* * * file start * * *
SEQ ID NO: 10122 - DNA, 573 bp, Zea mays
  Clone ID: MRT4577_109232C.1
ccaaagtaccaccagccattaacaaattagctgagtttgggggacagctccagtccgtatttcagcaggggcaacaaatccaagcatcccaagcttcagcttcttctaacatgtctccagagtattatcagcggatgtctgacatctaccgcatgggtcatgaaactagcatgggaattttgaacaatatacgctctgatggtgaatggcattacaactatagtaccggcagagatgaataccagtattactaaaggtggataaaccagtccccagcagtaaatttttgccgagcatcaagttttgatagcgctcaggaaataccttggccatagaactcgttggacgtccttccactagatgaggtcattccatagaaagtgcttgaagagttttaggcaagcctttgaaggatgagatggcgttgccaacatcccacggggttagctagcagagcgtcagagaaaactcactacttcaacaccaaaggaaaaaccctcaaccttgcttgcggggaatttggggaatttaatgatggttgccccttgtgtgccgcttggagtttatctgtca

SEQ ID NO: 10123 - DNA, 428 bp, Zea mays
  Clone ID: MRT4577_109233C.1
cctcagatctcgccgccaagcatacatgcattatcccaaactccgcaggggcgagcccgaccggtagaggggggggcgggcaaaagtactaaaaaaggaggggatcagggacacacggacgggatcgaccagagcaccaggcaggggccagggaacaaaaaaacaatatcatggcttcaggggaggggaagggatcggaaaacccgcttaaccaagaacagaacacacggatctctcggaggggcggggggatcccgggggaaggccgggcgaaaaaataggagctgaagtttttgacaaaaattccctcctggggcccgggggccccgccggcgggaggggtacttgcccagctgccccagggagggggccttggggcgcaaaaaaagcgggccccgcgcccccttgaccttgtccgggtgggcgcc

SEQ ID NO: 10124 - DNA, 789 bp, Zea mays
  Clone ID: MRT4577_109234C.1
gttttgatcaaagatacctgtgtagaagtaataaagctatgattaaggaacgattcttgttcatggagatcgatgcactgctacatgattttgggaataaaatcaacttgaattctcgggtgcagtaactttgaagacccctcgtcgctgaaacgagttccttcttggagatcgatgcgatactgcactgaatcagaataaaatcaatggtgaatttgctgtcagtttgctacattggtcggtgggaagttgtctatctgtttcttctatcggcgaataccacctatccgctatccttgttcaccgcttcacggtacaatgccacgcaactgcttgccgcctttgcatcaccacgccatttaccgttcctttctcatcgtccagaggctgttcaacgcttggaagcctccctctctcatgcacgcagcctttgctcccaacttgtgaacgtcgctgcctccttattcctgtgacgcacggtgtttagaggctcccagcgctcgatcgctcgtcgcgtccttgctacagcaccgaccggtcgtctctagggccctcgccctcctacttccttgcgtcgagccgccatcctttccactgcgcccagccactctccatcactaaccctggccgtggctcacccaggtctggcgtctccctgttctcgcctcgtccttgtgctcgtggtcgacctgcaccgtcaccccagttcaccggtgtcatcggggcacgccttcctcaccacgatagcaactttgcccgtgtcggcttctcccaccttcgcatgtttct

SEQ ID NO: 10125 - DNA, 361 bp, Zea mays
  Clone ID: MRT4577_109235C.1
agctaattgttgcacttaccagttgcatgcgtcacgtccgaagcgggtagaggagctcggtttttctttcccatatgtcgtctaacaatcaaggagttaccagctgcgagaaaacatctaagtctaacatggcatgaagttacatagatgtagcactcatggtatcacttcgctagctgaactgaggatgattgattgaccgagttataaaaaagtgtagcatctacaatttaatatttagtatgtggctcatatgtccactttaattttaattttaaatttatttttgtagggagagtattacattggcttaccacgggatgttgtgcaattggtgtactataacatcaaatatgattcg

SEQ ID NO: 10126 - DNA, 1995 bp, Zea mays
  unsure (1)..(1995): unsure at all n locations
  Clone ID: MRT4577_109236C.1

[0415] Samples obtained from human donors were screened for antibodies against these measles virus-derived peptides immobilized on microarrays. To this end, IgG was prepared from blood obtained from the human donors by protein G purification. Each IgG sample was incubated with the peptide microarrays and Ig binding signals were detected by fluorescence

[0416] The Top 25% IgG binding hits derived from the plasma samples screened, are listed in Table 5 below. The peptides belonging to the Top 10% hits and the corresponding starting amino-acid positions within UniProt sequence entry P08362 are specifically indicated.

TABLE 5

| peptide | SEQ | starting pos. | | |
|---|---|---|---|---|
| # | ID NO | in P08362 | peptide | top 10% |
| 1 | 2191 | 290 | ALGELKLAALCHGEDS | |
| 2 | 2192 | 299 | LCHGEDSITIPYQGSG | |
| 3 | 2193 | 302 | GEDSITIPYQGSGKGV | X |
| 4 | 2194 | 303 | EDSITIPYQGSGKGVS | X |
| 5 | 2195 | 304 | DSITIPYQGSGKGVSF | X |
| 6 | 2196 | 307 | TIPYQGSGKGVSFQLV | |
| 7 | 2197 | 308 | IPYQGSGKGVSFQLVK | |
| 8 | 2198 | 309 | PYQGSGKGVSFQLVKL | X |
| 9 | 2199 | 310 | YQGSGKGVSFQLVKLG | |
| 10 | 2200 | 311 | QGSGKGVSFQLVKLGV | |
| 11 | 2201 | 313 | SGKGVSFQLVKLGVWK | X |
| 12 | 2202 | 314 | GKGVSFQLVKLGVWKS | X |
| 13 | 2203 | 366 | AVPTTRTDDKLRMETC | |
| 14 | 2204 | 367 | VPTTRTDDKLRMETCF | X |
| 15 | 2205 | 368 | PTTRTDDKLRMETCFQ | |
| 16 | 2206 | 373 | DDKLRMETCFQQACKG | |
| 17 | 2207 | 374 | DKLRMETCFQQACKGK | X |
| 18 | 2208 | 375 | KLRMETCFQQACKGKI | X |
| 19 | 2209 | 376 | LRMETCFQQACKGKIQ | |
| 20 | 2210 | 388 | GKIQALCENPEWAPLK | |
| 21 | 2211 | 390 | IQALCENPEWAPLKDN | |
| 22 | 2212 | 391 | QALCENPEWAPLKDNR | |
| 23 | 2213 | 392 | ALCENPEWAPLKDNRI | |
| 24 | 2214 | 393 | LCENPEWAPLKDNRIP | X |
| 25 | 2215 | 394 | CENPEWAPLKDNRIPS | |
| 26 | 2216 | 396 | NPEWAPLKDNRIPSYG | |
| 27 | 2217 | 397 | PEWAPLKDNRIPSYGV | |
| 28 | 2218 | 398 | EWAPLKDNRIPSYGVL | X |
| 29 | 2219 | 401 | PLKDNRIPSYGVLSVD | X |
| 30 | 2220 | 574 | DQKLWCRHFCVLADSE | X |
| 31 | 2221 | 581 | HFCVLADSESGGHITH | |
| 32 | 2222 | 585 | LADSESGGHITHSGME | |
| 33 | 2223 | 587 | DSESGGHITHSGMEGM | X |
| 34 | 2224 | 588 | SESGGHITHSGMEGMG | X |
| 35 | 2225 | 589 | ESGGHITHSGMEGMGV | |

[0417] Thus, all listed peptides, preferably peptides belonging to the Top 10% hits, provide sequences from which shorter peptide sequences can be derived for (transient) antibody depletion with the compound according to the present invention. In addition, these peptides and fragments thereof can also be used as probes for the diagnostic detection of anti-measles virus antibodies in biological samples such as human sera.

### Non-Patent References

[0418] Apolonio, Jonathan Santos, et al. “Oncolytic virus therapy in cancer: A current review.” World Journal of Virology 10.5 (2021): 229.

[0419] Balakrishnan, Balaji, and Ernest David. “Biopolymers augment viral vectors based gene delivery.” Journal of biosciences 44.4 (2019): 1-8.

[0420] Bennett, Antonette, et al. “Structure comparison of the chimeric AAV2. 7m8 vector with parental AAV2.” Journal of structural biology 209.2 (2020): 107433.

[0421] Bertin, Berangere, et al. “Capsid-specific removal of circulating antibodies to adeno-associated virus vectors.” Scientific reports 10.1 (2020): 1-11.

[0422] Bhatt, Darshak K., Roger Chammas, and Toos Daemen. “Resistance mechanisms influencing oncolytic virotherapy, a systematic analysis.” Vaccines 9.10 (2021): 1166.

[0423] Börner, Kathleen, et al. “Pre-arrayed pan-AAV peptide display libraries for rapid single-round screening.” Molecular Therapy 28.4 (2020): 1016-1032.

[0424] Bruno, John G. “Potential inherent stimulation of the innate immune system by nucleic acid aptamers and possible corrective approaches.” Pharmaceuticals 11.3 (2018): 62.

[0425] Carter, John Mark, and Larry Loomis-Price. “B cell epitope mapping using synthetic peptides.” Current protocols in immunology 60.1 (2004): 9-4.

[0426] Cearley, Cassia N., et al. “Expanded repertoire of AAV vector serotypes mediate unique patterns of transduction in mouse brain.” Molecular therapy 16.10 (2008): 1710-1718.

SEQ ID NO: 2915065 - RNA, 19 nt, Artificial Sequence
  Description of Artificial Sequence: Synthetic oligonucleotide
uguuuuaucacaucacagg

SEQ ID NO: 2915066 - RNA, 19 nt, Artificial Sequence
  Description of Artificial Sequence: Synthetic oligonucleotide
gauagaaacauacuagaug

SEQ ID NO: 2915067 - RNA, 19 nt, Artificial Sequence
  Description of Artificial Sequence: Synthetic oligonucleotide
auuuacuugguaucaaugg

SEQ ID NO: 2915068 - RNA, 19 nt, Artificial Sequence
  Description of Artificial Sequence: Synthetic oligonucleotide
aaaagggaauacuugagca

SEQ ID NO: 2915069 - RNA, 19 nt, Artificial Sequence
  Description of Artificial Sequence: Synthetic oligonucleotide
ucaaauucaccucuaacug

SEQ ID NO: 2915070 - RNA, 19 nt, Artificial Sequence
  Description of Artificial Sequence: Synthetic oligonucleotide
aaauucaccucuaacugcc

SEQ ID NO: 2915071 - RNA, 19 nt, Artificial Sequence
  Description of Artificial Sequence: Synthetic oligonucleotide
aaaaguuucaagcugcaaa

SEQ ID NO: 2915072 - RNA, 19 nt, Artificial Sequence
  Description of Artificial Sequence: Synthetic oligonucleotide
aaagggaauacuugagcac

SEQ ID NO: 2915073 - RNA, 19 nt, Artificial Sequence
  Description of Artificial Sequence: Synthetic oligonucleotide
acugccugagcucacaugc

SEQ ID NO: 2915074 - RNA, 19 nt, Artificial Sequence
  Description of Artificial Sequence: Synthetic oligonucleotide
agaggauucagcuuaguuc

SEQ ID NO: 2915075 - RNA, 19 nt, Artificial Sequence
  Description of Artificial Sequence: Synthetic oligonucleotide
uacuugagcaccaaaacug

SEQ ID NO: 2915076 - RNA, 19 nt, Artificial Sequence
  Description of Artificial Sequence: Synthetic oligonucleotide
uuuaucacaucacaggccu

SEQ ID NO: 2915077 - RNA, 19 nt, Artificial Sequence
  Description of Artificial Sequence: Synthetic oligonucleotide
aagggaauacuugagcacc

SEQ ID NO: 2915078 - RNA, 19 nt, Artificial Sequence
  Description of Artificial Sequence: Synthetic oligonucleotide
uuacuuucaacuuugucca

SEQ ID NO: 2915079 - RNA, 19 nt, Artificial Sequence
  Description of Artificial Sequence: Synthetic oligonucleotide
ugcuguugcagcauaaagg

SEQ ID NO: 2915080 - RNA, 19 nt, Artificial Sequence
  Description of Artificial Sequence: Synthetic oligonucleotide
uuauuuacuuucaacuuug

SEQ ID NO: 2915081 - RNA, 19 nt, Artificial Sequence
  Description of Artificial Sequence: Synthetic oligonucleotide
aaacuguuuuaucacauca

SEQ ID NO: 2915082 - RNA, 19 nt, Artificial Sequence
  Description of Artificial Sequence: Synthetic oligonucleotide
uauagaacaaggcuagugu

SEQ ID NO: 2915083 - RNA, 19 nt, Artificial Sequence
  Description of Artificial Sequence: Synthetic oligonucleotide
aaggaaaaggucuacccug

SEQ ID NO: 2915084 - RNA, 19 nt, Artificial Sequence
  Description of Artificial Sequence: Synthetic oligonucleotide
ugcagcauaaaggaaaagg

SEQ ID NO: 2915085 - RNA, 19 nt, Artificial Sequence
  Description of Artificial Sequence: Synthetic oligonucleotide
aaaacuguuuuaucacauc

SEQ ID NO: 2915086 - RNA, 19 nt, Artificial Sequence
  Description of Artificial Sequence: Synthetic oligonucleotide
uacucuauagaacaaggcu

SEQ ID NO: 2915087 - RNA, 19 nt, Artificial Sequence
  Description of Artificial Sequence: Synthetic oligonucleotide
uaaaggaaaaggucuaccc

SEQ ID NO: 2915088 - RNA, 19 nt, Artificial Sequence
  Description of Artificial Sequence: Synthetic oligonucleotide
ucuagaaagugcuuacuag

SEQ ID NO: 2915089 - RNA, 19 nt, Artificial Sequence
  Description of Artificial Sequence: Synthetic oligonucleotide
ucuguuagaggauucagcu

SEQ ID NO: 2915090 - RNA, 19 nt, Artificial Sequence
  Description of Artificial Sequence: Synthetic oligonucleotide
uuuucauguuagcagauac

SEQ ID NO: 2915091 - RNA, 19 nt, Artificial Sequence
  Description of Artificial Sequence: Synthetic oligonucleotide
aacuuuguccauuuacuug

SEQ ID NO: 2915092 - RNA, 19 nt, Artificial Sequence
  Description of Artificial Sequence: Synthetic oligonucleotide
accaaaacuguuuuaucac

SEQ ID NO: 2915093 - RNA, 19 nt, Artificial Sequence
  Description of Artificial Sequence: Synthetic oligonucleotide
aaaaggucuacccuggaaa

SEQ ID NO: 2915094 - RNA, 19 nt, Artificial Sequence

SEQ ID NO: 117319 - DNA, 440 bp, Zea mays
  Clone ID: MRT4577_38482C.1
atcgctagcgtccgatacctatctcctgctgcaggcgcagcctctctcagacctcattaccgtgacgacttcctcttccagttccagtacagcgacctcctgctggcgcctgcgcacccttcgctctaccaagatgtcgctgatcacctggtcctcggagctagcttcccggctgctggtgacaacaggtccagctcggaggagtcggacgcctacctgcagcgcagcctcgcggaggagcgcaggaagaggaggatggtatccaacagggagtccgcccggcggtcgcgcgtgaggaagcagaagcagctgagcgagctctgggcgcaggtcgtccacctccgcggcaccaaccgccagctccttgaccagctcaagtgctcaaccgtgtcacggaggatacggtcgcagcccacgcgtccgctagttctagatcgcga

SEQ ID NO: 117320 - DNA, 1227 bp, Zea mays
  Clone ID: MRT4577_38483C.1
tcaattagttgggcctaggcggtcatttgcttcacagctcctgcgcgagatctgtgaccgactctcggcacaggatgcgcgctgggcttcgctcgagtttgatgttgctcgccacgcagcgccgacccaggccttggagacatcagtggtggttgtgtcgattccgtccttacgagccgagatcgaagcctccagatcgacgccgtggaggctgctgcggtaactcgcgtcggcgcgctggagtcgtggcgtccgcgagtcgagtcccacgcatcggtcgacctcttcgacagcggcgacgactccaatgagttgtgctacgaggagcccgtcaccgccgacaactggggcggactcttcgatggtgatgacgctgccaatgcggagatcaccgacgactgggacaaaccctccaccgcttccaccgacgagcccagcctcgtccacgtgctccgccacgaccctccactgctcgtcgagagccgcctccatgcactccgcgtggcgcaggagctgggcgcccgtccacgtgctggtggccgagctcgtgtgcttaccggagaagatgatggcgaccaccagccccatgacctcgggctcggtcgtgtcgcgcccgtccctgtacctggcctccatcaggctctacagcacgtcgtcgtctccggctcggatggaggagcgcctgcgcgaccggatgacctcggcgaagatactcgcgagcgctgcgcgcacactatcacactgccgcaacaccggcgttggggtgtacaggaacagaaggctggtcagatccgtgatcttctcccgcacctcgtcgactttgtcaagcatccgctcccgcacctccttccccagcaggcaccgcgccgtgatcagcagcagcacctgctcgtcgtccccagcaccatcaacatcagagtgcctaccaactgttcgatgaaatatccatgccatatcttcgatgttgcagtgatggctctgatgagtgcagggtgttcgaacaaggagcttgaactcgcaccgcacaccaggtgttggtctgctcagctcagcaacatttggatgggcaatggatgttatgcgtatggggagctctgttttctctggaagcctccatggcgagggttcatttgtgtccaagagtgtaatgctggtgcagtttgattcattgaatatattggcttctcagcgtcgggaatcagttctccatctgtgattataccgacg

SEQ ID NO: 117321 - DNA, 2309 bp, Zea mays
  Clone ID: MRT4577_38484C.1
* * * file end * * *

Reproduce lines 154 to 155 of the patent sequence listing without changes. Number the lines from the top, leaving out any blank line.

aaaaggucuacccuggaaa

SEQ ID NO: 2915094 - RNA, 19 nt, Artificial Sequence